Atlantic Creoles in the Age of Revolutions by Jane G. Landers

By Jane G. Landers

Crusing the tide of a tumultuous period of Atlantic revolutions, a extraordinary staff of African-born and African-descended participants reworked themselves from slaves into lively brokers in their lives and instances. vast Prince Whitten, the black Seminole Abraham, and basic Georges Biassou have been “Atlantic creoles,” Africans who came upon their approach to freedom by means of actively conducting crucial political occasions in their day. those women and men of various ethnic backgrounds, who have been fluent in a number of languages and accustomed to African, American, and ecu cultures, migrated around the new world’s imperial obstacles looking for freedom and a secure haven. but, beforehand, their remarkable lives and exploits were hidden from posterity. via prodigious archival learn, Jane Landers considerably alters our imaginative and prescient of the breadth and quantity of the Age of Revolution, and our realizing of its actors. while Africans within the Atlantic international are usually visible as destined for the slave marketplace and plantation exertions, Landers reconstructs the lives of certain people who controlled to maneuver purposefully via French, Spanish, and English colonies, and during Indian territory, within the risky century among 1750 and 1850. cellular and adaptive, they shifted allegiances and identities counting on which political chief or application provided the best risk for freedom. no matter if struggling with for the King of Kongo, England, France, or Spain, or for the Muskogee and Seminole chiefs, their thirst for freedom helped to form the process the Atlantic revolutions and to counterpoint the heritage of innovative lives in all instances. (20100430)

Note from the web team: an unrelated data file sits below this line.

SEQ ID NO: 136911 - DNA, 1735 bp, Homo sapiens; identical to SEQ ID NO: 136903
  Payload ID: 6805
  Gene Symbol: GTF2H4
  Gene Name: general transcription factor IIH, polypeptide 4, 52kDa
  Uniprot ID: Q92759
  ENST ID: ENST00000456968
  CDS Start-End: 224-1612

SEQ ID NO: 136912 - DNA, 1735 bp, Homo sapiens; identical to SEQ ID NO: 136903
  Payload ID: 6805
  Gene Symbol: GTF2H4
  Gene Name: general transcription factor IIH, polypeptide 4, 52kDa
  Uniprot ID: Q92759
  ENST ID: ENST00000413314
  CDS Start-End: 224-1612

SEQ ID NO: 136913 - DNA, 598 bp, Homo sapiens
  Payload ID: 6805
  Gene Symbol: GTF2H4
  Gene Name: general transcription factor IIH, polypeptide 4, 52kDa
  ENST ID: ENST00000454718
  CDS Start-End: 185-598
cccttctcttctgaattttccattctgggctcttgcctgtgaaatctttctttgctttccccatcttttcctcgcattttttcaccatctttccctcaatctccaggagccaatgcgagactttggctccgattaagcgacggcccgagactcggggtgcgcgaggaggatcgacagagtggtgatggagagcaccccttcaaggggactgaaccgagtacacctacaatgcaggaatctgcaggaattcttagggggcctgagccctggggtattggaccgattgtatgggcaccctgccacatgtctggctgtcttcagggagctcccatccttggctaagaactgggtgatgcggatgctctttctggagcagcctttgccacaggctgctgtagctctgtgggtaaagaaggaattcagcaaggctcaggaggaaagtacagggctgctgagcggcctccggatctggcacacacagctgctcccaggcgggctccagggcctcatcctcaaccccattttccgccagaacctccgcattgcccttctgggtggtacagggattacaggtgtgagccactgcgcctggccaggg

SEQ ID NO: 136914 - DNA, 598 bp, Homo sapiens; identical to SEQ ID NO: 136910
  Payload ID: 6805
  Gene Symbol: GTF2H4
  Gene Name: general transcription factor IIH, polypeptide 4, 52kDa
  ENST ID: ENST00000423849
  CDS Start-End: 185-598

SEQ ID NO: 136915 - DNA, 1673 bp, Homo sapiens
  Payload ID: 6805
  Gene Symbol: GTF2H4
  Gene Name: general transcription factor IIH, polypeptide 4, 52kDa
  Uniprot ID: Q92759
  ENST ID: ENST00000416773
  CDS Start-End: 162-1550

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Thomas Johnston was born in Charles Town “in the Family of John Izard Esqr. ” Johnston served Izard as “his first Servant of Confidence in all Respects,” and in appreciation, Izard gave Johnston ten acres of land to farm. But as war escalated, in October 1780, Johnston was “Pressed into his Majesty’s Service” like other men of color. Thereafter, he served as a guide to the British legion commanded by “Bloody” Banastre Tarleton, and he was present during Tarleton’s sur- 2 31 3 atlan ti c creoles in the age of r e vo l u t io n s prise attack on Patriot forces at Monck’s Corner.

Over the course of the next thirty-Â�five years, Prince and Judy and Glasgow and Polly transformed themselves from fugitive slaves into loyal Spanish subjects. The instant Prince and his family had crossed the St. ” They were made human, acquiring personhood and autonomy. They took on new names, new legal personalities, and new corporate identities and began to enjoy precious liberties long denied them. One was simple geographic mobility: they could go where they wanted. Choice was another. They could choose what work they would do, 2 39 3 atlan ti c creoles in the age of r e vo l u t io n s where they would live, and whom they would marry.

20 From the way station at Monck’s Corner, a road ran northward to the ferry on the Santee River and on to the nearest town of Camden. 21 The region Prince was entering was still a frontier. Catawba Indians allied to the British and Cherokees whose land the Brit- 2 21 3 atlan ti c creoles in the age of r e vo l u t io n s ish would eventually take still formed part of the turbulent multiracial environment. ”22 But Charleston’s elites saw Â�profits to be made and sent large numbers of newly arrived Africans into the wilderness to make them.

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